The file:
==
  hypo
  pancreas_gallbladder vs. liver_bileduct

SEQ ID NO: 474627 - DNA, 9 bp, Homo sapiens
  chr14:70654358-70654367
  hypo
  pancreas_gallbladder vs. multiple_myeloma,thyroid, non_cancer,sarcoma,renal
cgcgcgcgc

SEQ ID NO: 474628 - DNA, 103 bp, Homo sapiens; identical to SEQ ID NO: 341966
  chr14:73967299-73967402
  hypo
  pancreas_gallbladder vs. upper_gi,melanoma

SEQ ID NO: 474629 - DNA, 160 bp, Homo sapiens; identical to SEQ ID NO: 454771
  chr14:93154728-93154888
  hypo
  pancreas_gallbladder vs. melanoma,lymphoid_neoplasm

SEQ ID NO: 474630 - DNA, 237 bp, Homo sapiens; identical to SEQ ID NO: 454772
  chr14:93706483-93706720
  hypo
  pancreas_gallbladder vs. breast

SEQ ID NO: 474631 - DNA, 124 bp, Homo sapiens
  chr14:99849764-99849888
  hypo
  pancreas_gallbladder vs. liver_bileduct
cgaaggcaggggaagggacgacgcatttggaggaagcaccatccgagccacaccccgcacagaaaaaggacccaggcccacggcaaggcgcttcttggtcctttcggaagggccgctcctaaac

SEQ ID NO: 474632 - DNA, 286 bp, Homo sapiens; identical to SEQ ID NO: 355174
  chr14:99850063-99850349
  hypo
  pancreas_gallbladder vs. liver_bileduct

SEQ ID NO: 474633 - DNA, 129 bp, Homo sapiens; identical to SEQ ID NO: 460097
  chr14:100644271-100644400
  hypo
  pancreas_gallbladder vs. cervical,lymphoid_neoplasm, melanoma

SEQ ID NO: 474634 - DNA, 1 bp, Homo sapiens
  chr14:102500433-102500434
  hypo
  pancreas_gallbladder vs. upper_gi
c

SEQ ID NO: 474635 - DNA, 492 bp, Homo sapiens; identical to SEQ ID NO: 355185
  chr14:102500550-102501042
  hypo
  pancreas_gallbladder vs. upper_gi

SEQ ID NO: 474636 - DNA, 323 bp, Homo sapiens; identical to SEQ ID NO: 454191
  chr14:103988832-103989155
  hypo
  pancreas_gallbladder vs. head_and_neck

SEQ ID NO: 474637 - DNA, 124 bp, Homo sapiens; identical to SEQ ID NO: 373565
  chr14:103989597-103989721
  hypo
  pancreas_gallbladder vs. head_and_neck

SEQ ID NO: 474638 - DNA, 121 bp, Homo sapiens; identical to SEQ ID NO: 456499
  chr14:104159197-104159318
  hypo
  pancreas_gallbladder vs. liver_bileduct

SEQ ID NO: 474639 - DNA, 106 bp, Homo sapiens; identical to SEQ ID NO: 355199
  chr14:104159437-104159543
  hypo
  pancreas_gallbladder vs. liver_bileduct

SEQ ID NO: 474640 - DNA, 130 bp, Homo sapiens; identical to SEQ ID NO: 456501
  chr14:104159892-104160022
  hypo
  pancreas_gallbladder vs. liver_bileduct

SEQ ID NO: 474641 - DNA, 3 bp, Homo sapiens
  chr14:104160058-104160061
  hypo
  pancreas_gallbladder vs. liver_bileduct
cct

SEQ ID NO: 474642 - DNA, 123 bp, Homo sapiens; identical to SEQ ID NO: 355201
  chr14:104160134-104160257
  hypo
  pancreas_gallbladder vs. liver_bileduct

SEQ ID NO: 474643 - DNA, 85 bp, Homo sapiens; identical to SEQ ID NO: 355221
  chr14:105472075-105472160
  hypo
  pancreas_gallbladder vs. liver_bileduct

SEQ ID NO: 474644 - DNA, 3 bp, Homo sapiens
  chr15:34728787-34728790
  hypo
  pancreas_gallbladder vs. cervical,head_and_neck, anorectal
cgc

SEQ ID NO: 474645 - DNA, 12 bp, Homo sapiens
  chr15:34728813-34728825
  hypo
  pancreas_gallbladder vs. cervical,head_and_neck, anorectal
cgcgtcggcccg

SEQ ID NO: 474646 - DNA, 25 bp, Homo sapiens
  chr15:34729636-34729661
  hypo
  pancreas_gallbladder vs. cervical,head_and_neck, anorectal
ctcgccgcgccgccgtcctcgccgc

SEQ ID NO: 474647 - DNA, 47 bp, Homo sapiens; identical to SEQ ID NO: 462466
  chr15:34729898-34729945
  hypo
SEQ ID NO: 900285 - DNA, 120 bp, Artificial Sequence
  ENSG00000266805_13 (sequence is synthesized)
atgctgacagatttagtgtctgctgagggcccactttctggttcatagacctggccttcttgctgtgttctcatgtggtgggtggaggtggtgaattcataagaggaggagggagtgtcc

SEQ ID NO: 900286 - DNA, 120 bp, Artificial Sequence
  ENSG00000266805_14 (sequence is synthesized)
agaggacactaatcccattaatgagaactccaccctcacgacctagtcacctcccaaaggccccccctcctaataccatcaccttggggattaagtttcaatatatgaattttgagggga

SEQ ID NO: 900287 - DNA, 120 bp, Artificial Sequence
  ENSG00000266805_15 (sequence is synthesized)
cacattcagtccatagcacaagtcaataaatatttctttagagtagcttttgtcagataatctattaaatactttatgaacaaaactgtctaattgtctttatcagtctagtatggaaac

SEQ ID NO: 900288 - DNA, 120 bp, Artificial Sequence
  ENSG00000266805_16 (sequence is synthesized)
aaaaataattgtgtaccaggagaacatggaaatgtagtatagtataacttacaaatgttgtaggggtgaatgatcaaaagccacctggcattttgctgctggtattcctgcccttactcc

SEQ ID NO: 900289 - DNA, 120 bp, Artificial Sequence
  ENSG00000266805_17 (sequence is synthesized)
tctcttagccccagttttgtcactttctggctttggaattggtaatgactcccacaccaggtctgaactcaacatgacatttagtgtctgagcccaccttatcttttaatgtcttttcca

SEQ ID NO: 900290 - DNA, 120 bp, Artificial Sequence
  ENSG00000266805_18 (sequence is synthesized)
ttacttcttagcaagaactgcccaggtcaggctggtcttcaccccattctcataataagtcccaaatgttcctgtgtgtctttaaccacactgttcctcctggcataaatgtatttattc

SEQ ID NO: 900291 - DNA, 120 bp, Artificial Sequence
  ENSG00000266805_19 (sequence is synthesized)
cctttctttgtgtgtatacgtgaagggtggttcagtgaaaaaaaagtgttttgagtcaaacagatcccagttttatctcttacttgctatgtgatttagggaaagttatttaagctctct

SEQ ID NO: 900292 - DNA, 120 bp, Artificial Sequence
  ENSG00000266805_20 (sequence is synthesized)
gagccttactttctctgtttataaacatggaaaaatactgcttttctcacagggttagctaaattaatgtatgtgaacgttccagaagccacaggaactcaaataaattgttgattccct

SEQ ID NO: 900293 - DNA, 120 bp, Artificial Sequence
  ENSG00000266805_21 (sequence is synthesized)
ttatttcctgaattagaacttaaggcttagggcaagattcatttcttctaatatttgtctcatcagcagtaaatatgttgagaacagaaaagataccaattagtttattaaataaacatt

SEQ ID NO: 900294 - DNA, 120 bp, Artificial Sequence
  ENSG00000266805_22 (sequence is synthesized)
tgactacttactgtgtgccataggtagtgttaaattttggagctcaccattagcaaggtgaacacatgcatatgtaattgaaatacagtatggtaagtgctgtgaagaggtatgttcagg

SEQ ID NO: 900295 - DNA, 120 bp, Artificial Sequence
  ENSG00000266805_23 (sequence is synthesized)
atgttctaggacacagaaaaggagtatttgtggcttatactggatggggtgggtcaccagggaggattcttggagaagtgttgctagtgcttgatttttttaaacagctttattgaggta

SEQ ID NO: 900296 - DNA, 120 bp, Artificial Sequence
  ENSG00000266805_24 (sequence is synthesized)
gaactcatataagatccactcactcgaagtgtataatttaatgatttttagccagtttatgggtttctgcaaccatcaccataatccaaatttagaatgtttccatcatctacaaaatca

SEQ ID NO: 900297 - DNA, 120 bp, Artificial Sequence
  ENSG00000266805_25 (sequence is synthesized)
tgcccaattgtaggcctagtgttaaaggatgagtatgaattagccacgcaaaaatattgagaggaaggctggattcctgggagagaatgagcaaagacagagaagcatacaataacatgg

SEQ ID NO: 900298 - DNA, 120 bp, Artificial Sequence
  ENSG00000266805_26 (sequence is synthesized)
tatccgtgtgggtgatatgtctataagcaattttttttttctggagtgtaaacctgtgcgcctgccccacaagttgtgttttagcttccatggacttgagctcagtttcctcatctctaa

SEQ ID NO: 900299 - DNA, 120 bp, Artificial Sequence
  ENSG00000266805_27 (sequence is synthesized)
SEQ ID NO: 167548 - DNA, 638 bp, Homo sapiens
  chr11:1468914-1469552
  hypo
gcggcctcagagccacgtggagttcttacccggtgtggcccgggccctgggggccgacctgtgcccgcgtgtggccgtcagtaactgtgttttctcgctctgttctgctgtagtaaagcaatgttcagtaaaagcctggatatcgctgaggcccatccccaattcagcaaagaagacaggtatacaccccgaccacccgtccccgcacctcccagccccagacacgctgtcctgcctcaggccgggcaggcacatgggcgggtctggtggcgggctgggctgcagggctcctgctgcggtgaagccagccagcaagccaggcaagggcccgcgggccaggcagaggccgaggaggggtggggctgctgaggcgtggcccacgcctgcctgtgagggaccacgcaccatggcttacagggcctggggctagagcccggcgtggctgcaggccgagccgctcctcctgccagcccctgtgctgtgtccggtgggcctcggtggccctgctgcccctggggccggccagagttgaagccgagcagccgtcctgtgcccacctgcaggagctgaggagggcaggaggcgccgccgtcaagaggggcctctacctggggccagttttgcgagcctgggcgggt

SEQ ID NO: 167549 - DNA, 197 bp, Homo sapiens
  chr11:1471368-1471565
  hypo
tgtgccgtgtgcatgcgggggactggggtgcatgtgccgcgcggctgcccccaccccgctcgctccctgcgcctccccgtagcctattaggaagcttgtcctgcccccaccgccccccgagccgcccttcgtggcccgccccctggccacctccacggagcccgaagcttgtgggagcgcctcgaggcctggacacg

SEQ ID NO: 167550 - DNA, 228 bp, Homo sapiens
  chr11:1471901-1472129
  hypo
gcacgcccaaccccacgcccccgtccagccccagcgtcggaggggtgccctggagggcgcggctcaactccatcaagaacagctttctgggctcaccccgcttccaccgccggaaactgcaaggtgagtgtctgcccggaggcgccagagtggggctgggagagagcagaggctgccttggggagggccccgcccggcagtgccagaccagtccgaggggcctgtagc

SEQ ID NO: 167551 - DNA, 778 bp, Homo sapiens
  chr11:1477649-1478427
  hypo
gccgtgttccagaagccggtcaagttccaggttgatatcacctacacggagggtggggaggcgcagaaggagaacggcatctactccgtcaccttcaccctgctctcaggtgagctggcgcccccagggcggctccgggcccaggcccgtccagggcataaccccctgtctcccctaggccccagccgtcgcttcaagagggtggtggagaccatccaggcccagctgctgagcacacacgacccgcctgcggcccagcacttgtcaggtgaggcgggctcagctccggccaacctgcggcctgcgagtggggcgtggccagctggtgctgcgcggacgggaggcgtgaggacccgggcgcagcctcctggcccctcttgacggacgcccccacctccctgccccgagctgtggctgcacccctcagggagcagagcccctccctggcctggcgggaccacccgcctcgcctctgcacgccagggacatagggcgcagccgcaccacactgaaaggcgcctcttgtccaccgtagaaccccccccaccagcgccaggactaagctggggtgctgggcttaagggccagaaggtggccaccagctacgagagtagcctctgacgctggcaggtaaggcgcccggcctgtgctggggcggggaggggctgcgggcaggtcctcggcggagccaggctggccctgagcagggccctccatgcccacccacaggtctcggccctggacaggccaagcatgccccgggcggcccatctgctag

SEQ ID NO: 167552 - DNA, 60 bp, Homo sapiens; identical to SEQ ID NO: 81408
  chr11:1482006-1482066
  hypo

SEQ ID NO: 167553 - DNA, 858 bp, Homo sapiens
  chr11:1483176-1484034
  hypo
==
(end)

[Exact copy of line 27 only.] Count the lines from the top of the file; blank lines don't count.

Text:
  hypo